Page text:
Adoption Tax Credit
The adoption tax credit passed by Congress and signed into law by President Clinton in 1996 is one of the more complicated tax laws related to middle-income families. Generally speaking, it provides a tax credit to families who made out-of-pocket expenses related to the adoption of a child other than that of a spouse. Unlike a tax deduction, which reduces the total taxable income, a tax credit is an after-tax reduction in the overall tax liability. The adoption tax credit provides a variable amount of money, $13,360 in 2011, and allows employers to provide adoption-specific benefits free from federal income tax.
Qualifications and Limitations
Only qualified adoption expenses are eligible for reimbursement through the tax credit. These include reasonable adoption fees, court costs, attorney's fees, traveling expenses and most other expenses related to the legal adoption of an eligible child by the taxpayer. Eligible children are those age 17 or younger, or a child of any age who is a US citizen or resident alien and who is physically or mentally incapable of caring for himself or herself. Adoption of a spouse's child is not covered by the adoption tax credit.
Obtaining the adoption tax credit requires the filing of Form 8839 with the IRS. Additional forms will be necessary if the child does not have a Social Security Number. The amount of credit the adopting family qualifies to receive is limited to actual qualified expenses they can demonstrate. If adoption related expenses do not exhaust the full amount in a single year, the remainder can be claimed in future years. However, the upper limit of the credit is based per child, not per year. The credit is also limited by the family's adjusted gross income. After certain exemptions such as business or investment losses and contributions to pension plans, families whose annual income exceeds $225,210 are not eligible for the adoption tax credit. Families whose income is between $185,210 and $225,210 are eligible for a smaller tax credit.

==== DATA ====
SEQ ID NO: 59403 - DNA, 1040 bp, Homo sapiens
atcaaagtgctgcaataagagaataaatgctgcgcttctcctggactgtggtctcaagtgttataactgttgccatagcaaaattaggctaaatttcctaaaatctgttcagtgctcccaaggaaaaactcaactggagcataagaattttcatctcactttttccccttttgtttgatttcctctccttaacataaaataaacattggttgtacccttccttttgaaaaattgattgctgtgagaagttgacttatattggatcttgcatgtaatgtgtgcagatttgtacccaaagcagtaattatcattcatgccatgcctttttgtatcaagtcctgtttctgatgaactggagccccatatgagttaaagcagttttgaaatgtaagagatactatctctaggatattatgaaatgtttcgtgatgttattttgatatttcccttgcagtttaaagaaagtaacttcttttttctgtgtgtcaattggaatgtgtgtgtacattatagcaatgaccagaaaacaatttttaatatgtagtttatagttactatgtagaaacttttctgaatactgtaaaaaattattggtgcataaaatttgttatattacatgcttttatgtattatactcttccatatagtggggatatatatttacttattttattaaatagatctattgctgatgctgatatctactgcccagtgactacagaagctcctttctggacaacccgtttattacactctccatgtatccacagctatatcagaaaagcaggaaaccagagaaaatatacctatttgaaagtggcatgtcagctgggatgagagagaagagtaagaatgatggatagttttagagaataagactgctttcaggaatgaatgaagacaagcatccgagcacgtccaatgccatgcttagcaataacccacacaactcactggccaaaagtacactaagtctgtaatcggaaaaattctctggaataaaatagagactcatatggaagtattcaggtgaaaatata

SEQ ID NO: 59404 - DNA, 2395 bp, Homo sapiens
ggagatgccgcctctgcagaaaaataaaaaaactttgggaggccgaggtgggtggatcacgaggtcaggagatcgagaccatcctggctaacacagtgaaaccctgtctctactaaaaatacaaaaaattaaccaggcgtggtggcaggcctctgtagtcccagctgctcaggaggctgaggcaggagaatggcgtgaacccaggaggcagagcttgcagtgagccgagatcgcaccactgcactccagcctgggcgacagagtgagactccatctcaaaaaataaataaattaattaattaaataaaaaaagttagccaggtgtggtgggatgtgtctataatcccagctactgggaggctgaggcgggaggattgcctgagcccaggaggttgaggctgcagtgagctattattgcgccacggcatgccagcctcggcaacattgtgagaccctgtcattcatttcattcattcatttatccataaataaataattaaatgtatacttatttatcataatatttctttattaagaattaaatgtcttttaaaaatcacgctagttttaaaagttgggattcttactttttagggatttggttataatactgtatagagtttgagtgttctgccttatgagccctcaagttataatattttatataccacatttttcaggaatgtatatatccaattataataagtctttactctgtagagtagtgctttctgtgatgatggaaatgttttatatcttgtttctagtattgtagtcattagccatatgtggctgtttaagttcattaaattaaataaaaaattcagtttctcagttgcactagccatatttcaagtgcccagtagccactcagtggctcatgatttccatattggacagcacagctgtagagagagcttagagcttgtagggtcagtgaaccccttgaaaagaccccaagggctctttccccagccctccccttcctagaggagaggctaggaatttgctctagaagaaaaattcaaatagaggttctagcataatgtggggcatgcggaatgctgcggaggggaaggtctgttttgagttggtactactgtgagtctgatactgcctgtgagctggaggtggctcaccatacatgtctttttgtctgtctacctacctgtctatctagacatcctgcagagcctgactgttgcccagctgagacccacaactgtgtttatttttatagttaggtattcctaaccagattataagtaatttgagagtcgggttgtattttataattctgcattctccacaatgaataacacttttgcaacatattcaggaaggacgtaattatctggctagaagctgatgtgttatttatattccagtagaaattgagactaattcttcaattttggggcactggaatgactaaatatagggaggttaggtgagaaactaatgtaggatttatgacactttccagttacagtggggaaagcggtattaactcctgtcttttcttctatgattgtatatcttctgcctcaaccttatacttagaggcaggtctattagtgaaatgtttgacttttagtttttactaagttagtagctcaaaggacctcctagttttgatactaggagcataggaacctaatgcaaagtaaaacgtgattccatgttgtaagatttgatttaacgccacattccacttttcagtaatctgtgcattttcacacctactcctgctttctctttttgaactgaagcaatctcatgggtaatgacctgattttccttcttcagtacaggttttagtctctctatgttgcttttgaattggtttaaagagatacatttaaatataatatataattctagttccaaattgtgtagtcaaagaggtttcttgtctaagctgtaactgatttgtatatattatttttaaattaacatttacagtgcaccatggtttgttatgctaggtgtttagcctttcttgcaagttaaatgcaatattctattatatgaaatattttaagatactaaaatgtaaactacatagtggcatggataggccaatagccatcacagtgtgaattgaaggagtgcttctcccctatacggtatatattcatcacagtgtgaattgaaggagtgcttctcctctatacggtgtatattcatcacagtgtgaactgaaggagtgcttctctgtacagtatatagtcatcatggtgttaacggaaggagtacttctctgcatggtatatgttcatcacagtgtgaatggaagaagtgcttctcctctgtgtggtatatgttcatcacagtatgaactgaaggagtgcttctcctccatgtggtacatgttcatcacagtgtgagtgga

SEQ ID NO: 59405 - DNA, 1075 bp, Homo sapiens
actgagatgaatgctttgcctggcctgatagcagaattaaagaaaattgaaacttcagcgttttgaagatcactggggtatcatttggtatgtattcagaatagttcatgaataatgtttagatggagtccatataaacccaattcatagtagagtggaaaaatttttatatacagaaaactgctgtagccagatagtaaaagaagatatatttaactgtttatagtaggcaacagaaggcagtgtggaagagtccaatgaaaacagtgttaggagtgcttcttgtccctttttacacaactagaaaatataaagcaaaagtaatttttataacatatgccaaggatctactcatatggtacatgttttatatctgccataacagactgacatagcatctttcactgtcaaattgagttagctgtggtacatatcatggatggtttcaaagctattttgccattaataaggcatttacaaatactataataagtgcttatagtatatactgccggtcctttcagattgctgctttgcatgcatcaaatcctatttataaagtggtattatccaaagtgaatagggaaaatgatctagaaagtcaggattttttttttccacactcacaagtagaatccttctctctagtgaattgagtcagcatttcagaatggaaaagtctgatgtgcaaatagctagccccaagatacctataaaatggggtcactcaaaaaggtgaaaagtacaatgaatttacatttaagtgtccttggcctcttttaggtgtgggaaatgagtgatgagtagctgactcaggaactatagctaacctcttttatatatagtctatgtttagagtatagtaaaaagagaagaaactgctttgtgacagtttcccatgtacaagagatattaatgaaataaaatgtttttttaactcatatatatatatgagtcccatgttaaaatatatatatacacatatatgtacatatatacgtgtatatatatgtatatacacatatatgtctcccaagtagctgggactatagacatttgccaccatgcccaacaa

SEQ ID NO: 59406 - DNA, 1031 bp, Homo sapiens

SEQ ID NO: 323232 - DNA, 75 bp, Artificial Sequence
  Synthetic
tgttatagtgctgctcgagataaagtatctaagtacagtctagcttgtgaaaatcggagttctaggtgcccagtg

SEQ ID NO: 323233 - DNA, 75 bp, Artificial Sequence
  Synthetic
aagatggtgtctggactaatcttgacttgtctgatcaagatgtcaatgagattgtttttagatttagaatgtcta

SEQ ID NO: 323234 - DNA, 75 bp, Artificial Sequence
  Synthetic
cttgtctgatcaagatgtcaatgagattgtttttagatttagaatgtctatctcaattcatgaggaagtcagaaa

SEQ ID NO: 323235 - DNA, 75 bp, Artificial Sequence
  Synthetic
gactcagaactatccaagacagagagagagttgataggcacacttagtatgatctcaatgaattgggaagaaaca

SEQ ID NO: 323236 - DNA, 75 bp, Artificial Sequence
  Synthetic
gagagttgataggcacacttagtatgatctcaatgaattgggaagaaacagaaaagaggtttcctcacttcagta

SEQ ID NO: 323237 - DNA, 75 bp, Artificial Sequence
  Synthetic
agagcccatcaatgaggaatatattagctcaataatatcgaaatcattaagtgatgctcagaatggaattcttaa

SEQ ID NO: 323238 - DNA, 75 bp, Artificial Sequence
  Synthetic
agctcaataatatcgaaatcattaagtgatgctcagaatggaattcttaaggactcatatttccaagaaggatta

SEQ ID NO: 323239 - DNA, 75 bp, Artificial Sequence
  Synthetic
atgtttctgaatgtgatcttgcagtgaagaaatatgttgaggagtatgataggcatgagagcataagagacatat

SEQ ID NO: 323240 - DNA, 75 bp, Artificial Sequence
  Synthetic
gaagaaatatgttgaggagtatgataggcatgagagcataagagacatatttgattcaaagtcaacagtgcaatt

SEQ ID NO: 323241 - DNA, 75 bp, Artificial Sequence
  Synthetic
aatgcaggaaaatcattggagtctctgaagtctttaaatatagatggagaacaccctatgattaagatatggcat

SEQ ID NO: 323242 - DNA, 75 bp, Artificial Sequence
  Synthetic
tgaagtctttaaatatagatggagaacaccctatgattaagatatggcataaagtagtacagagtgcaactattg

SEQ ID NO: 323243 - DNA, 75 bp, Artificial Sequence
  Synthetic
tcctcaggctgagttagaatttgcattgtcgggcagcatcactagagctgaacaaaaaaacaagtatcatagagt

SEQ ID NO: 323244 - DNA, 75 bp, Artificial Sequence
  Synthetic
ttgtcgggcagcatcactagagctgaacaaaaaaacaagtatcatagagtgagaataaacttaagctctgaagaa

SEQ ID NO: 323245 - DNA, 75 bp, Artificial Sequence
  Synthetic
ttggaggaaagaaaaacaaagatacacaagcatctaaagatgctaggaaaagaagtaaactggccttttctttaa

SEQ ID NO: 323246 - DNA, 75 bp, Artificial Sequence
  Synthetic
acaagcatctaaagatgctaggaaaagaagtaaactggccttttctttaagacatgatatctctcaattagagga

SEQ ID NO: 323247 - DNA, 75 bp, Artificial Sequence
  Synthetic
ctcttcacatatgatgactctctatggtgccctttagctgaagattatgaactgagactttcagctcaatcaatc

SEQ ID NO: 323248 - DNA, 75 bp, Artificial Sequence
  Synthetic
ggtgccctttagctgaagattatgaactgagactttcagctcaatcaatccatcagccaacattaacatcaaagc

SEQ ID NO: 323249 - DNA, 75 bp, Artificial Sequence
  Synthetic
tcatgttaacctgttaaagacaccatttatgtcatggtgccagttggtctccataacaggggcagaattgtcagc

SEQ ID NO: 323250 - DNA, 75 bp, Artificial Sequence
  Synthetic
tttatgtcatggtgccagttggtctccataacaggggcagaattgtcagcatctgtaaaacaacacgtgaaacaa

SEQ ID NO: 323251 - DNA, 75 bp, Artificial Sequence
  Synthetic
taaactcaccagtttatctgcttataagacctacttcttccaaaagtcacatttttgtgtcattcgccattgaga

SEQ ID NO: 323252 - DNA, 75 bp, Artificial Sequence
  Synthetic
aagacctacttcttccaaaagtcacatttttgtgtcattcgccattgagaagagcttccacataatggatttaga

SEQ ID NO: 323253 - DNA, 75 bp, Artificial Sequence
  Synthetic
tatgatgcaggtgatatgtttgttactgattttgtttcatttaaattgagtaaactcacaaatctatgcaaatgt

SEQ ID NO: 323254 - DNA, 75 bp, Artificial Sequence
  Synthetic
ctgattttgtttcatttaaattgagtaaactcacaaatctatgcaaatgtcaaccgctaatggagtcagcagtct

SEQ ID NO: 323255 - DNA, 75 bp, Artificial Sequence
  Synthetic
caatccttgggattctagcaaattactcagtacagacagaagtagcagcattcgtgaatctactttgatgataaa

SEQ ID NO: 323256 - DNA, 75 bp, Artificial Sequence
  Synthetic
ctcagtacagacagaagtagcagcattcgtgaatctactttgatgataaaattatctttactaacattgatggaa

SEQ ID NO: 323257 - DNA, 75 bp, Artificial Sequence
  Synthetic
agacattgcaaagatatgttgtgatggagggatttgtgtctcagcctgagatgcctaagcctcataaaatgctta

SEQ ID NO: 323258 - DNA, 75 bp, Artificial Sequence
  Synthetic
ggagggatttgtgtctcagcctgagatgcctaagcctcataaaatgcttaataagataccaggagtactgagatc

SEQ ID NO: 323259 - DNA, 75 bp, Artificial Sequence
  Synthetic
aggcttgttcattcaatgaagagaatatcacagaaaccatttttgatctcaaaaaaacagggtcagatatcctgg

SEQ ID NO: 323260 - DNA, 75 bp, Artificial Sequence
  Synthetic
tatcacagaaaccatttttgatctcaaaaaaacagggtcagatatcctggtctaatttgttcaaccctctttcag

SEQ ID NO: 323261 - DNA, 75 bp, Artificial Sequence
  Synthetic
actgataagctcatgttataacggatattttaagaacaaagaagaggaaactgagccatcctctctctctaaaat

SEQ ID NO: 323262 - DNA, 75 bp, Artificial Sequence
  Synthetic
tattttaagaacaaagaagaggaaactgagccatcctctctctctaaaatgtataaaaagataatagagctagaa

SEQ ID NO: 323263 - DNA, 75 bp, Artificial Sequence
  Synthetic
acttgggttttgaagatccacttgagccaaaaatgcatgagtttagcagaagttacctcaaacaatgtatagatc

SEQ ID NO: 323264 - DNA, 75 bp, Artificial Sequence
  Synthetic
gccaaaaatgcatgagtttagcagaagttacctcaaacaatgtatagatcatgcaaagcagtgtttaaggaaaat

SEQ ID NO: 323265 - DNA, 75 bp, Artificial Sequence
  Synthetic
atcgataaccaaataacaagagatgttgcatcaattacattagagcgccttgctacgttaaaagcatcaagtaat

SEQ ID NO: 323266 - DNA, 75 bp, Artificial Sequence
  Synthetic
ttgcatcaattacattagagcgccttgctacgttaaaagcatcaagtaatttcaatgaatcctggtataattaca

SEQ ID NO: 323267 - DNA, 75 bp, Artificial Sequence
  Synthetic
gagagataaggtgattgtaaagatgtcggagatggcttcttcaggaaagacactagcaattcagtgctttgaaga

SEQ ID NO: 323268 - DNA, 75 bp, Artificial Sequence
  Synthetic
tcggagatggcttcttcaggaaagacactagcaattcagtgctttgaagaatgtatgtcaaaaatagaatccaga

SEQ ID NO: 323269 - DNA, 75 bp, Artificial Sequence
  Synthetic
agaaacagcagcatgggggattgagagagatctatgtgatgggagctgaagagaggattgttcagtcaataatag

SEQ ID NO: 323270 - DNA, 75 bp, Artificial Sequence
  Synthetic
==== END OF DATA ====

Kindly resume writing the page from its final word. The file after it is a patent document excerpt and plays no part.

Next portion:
Some employers offer adoption benefits, subject to the same restriction applicable to the family's out-of-pocket expenses. When filing for the tax credit, expenses can only be listed once, either as an expenditure of the family or a benefit received from an employer. Income received as an employee benefit, however, is still subject to Social Security tax, Medicare tax and state income tax. Families seeking the adoption tax credit should consult a tax professional to ensure they receive the full benefits under the law.
How to Take Adoption Tax Credit for Failed Adoption
IRS tax form 8839 allows individuals to take a federal income tax credit for adoption even if your dreams of adopting a...
How Does Tuition Tax Credit Work?
There are several tuition tax credits available, including the hope learning tax credit and the lifetime learning tax credit. Find out why...
Qualifications for an Illinois Homestead Tax Credit
Qualifications for an Illinois Homestead Tax Credit. Illinois residents are fortunate to save money through the adoption in that state of several...
How to Determine Qualification for a Homestead Tax Exemption
A state homestead tax exemption may save a homeowner's primary residency from thousands of dollars in property taxes owed each year. Although,...
How Do Income Tax Credits Work?
Income tax credits provide dollar-for-dollar reductions in the amount of taxes that you owe. The government offers income tax credits for a...
About Adoption Laws
When considering adoption, the laws of the state that the child is in should be examined, and the potential parents and current...
How to Apply for a Working Tax Credit
The Making Work Pay Tax Credit is relief for individuals and married couples. This tax credit is part of the American Recovery...